But Shaye went unmentioned at the White House Correspondents Dinner. And media sources like the New York Times failed to note this. In fact, the Times published four articles on the White House Correspondents Dinner. And despite President Obama having spoke of our “inherit traditions that make us greater than the challenges we face,” which according to him is “a free press that isn’t afraid to ask questions, to examine and to criticize,” there is not one example of this in those articles.

One of the articles, “Much Fodder for Obama at White House Journalists’ Event,” which was buried in the back of the paper on Sunday’s edition, had the unmitigated audacity to refer to there being “much fodder.” But the biggest fodder of all—President Obama’s involvement in silencing a journalist—is apparently not worthy of mention.

Even Jimmy Kimmel, whose performance paled to Colbert’s in 2006, at least had the nerve to say,

You’re here tonight because as journalists you care about freedom, free speech, a free press, and most importantly free dinner. Some people say journalism is in decline—you’ve become too politicized, too focused on sensationalism. They say that you no longer honor your duty to inform America, but instead actively try to divide us, so your corporate overlords can rake in the profits . . . I don’t have a joke for this. I’m just letting you know what some people say.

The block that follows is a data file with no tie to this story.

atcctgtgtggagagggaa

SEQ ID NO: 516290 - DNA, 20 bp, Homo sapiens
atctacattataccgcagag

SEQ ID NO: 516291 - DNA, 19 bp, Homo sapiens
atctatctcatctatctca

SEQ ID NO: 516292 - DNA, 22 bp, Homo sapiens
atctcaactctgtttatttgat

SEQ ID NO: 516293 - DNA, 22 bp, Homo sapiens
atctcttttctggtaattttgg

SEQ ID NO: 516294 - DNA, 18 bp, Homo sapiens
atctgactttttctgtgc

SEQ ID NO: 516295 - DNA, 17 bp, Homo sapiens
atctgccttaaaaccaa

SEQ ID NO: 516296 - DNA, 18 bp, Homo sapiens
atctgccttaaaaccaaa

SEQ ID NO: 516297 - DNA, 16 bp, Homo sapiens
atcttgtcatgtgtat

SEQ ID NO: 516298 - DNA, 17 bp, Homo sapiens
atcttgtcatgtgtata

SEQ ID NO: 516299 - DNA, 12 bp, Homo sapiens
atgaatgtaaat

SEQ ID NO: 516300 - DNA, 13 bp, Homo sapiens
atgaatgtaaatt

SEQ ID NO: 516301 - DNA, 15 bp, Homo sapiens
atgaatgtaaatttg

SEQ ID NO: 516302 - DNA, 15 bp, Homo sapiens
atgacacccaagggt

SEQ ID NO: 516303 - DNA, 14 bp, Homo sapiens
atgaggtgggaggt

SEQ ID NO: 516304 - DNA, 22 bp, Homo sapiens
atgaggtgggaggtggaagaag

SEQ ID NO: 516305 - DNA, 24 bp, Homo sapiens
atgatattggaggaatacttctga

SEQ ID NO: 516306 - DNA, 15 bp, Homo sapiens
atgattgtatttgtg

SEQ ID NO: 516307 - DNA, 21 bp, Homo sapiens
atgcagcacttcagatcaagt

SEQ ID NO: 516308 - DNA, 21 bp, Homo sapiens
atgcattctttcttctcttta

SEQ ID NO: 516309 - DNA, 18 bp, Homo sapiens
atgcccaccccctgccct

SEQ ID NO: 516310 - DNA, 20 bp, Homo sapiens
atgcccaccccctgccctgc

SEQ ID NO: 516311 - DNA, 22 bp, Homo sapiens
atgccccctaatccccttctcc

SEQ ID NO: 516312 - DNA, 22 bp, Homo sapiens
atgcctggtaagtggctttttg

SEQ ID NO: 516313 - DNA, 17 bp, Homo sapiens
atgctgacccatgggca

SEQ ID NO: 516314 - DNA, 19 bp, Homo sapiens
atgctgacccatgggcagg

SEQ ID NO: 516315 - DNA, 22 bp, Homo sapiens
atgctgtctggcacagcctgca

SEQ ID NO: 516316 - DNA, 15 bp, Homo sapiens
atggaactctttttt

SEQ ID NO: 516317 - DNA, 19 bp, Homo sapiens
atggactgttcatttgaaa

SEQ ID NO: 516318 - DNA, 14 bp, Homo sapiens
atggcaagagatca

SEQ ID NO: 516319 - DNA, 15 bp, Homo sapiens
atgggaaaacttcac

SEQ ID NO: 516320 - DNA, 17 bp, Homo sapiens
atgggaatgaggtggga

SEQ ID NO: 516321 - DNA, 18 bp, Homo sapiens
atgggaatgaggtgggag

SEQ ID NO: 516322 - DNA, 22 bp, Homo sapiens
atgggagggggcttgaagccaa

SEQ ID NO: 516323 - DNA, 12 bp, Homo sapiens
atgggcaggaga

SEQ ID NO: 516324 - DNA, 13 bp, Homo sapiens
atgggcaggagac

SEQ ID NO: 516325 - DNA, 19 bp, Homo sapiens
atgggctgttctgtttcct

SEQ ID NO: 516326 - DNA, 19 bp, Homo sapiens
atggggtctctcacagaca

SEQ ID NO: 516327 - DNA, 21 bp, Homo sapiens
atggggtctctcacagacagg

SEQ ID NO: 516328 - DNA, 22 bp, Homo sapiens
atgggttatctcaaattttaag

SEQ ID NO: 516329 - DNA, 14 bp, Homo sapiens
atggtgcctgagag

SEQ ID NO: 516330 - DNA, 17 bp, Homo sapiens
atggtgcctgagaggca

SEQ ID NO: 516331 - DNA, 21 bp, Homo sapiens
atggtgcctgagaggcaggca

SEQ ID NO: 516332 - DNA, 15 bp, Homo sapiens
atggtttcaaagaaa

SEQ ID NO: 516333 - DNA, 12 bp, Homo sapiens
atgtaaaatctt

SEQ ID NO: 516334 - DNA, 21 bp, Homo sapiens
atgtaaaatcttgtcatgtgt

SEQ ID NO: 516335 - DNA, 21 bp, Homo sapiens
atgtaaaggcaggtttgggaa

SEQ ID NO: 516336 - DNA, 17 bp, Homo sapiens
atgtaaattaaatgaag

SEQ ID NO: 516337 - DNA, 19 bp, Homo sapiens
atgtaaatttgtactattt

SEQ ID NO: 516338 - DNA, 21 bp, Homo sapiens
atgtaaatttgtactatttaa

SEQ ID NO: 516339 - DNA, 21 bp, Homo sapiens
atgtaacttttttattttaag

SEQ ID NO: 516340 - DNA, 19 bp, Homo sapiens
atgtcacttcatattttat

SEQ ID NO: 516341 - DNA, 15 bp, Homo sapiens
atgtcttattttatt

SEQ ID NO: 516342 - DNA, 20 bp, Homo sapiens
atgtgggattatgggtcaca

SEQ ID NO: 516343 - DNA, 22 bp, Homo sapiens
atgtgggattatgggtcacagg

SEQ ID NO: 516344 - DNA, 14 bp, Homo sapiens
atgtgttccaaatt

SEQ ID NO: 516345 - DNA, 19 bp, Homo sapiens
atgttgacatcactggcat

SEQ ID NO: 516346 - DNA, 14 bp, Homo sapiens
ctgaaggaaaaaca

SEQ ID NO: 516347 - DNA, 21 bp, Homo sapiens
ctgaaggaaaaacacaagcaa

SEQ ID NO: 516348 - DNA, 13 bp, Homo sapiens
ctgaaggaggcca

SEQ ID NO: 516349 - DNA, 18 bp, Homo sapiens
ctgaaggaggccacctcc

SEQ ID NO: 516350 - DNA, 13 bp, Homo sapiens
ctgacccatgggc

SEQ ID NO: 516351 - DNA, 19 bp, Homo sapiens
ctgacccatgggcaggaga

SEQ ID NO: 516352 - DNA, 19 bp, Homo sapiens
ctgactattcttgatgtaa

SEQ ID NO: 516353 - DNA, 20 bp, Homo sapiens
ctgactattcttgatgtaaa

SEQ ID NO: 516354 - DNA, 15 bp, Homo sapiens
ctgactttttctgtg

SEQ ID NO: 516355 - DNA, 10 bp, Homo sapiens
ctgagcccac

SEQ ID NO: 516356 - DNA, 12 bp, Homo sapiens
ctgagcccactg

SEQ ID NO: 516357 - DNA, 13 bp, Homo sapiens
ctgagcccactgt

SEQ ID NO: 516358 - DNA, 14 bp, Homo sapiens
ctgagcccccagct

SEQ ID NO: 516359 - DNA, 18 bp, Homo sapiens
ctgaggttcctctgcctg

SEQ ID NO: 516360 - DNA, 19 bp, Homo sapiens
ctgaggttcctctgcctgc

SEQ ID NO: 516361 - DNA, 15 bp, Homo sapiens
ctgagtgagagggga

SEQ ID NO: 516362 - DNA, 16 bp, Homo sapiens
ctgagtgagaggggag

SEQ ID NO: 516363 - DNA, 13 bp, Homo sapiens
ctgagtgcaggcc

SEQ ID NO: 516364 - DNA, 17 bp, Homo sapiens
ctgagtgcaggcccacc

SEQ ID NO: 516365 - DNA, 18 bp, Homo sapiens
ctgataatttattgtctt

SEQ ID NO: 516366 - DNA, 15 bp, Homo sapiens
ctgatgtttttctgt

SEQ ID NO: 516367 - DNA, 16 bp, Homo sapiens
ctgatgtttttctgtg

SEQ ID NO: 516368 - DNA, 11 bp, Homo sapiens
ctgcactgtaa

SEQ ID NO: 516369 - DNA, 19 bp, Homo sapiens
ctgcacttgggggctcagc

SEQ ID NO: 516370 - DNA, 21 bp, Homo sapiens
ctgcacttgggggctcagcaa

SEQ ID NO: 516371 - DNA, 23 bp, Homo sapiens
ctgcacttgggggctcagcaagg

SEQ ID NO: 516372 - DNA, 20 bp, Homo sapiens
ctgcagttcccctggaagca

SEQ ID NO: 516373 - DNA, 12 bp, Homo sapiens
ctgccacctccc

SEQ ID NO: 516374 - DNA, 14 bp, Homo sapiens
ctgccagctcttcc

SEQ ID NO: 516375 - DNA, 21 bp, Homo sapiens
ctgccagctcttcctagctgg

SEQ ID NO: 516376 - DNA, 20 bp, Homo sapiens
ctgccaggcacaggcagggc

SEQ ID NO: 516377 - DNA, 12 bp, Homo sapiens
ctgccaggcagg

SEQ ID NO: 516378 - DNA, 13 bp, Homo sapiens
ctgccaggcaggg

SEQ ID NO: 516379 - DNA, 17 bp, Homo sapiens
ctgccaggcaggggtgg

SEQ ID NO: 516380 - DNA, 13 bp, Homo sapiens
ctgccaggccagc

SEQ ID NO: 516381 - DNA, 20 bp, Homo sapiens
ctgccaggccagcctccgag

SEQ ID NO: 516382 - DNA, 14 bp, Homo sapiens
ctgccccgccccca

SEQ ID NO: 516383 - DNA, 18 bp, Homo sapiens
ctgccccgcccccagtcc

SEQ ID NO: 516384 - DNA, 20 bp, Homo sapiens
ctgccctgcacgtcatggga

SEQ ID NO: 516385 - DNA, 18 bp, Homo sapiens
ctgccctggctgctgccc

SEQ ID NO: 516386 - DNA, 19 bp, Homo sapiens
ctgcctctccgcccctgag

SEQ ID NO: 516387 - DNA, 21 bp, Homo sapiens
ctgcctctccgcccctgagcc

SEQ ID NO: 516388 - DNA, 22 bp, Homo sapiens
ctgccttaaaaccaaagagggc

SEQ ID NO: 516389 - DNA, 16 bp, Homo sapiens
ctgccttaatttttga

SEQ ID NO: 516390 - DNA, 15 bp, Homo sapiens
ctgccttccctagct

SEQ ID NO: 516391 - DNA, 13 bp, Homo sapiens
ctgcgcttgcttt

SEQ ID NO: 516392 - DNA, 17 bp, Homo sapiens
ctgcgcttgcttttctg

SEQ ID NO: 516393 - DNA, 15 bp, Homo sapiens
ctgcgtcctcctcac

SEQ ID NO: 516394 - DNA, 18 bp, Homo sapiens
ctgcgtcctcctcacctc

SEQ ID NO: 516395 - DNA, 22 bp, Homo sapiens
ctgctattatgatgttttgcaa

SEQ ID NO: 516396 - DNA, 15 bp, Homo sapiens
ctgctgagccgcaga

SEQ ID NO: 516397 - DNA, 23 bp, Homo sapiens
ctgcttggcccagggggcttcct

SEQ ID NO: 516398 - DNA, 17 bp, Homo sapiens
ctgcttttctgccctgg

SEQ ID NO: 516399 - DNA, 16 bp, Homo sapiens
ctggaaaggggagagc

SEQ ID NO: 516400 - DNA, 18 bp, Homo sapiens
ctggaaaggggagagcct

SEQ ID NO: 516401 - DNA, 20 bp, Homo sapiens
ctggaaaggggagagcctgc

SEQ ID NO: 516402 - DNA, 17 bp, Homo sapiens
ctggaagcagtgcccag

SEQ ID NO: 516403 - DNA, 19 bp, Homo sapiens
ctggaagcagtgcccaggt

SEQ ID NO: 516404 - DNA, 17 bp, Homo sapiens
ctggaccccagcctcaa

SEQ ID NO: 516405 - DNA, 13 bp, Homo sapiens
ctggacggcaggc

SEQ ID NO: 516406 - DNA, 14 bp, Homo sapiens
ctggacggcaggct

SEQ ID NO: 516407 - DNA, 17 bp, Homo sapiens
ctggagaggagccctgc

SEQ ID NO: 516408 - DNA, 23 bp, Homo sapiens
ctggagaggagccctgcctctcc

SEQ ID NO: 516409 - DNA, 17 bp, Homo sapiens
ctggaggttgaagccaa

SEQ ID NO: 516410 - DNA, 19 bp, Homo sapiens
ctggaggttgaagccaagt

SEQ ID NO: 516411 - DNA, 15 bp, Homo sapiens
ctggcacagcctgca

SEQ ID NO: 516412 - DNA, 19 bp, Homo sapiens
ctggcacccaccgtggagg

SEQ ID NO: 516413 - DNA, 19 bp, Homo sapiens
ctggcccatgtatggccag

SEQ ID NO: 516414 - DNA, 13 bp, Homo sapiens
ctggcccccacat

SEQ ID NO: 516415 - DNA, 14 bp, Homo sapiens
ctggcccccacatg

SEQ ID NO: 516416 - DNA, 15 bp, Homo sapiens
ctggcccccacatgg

Other than Kimmel’s jab at the possible war with Iran, that was the height of dissent that evening. But it also highlighted the level of cynicism at the event. The attending journalists “care [so much] about freedom, free speech, a free press,” and such, that they are totally silent on the imprisonment of a fellow journalist guilty of doing his job.

If the journalists were doing their job they would be very concerned about Shaye’s fate, and would have used the dinner as a venue to speak out. They would do so not just because they feel tremendous solidarity for someone in their profession that is enduring such an injustice, but also because they would see how they are vulnerable too.

The reality, however, is that the journalists who attended the dinner, and those that covered it at the “paper of record,” know they are not in danger of being treated like Shaye because they don’t ask questions, don’t examine, and don’t criticize—at least not in any substantial way. They can applaud President Obama for blessing them with his inspiring words about their “traditions” they don’t exhibit. And when President Obama tells them that, “And in service of that mission, all of you make sacrifices,” they pat themselves on the back, and swell with undeserved pride. Then they are free to go home, drunk on champagne, and go to bed where they can sleep comfortably and without worry. Meanwhile, Abdulelah Haider Shaye sits in a prison cell, enduring God knows what, for daring to be a real journalist.